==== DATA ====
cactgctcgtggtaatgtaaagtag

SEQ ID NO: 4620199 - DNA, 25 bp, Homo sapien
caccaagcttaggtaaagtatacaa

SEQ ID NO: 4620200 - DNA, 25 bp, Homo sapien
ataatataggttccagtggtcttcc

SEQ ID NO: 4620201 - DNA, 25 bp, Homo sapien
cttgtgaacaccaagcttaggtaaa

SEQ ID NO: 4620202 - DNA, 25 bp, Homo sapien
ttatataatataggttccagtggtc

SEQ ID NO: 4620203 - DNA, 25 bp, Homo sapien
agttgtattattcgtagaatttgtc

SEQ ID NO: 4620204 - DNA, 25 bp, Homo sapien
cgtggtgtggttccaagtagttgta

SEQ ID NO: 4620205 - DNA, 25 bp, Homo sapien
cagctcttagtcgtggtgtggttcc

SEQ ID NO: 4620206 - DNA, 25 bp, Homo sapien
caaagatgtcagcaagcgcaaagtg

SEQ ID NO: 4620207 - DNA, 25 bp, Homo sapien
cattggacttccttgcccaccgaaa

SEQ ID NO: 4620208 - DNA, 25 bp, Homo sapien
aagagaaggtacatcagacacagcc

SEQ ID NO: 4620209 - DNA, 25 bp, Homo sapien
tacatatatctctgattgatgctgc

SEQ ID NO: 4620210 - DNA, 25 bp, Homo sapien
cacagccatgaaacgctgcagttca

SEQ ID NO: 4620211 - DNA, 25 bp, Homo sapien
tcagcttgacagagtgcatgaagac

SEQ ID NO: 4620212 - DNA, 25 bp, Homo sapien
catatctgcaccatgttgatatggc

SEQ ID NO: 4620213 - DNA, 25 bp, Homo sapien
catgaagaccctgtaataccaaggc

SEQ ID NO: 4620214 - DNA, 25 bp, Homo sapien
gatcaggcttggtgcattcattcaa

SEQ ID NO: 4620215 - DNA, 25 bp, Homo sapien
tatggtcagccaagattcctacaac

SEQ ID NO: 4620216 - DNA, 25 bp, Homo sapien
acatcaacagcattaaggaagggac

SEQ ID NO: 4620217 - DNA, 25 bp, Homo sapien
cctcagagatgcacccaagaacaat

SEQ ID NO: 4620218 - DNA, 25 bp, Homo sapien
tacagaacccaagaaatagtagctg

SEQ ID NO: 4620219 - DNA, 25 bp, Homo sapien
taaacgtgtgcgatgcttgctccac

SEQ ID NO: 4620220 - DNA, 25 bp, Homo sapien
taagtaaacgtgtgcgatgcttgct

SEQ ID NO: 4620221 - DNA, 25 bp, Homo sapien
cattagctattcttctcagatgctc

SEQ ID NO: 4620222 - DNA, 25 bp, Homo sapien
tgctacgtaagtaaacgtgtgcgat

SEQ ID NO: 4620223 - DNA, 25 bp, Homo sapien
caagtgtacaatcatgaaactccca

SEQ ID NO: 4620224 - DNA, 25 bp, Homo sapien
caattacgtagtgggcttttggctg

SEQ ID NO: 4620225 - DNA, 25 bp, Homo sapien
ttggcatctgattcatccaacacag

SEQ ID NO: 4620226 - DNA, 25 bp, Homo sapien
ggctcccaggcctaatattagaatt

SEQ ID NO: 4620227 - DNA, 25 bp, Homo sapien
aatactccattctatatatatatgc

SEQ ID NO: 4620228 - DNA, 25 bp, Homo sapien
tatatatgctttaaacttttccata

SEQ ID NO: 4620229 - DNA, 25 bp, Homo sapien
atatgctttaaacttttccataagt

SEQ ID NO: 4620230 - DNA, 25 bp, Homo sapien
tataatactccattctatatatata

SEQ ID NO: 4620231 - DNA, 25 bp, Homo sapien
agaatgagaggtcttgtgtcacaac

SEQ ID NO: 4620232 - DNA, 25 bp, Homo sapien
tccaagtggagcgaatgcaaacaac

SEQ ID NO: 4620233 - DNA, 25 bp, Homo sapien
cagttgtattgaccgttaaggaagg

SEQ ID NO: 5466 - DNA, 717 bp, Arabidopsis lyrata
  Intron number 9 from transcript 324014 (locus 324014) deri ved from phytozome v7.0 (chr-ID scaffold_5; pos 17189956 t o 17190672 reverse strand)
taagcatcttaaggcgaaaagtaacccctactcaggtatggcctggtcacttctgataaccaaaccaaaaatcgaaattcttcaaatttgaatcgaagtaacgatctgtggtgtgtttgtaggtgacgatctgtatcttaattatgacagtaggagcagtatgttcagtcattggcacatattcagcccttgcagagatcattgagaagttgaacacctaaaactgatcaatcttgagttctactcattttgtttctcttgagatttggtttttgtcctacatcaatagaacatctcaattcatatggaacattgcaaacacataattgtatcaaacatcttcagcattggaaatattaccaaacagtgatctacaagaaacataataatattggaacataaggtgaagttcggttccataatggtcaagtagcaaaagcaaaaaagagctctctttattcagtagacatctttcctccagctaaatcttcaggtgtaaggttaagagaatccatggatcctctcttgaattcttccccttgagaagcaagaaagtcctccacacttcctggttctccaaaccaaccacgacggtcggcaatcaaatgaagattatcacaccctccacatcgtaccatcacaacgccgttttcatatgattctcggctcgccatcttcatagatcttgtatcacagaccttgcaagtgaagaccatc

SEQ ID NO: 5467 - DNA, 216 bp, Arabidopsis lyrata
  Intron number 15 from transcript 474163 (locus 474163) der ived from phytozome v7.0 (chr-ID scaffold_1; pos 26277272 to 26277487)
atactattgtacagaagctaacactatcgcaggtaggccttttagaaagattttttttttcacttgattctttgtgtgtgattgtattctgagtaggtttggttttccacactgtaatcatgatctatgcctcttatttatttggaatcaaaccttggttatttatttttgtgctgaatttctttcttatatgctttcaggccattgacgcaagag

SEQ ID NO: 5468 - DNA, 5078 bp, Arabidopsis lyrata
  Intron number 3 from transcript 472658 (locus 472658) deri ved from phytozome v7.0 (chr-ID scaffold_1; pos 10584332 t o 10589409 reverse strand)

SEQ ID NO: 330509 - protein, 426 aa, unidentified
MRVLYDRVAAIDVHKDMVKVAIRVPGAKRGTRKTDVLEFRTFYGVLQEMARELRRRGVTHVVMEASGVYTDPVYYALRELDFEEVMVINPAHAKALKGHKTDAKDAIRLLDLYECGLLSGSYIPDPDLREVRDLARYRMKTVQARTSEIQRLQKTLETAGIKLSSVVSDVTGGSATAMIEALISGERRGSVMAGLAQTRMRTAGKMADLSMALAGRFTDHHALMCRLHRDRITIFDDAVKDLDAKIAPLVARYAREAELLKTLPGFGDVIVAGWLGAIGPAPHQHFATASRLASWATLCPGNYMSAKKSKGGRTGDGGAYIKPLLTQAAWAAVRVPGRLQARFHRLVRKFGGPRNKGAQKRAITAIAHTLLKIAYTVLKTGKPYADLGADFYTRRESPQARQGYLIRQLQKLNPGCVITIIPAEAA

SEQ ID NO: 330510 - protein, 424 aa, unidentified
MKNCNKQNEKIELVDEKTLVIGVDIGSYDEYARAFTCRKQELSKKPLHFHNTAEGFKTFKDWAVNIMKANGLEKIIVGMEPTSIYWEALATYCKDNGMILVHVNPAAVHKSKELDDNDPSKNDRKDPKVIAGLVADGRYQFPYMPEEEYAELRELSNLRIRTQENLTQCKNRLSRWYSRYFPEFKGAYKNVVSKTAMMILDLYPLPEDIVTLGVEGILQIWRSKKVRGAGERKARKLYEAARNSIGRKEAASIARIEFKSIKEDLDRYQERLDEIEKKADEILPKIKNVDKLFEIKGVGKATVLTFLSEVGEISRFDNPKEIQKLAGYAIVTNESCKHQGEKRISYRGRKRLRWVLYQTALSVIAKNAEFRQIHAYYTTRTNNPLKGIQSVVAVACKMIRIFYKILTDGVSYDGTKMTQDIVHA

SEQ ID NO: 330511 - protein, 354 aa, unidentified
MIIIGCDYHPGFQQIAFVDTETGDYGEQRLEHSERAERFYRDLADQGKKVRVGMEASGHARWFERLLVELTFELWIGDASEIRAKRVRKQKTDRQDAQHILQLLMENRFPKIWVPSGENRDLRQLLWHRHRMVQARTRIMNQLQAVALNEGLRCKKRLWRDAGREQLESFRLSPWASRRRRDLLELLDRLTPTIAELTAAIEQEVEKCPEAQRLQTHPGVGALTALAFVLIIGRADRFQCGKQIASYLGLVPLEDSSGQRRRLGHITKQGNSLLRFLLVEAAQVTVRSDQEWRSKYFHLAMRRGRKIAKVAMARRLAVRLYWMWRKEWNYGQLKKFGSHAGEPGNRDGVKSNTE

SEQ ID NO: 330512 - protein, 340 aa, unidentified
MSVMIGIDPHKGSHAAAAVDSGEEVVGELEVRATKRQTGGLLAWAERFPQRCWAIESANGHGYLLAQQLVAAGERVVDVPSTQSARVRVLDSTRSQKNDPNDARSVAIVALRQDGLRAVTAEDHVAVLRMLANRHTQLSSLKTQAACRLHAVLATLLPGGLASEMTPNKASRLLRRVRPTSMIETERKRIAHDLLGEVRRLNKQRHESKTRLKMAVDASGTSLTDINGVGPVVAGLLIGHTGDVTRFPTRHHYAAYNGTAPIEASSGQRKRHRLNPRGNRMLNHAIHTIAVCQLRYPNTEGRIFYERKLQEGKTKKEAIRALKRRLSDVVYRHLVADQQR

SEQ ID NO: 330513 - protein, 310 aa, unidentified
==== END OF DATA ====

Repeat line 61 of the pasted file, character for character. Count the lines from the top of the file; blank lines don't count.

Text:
tatatatgctttaaacttttccata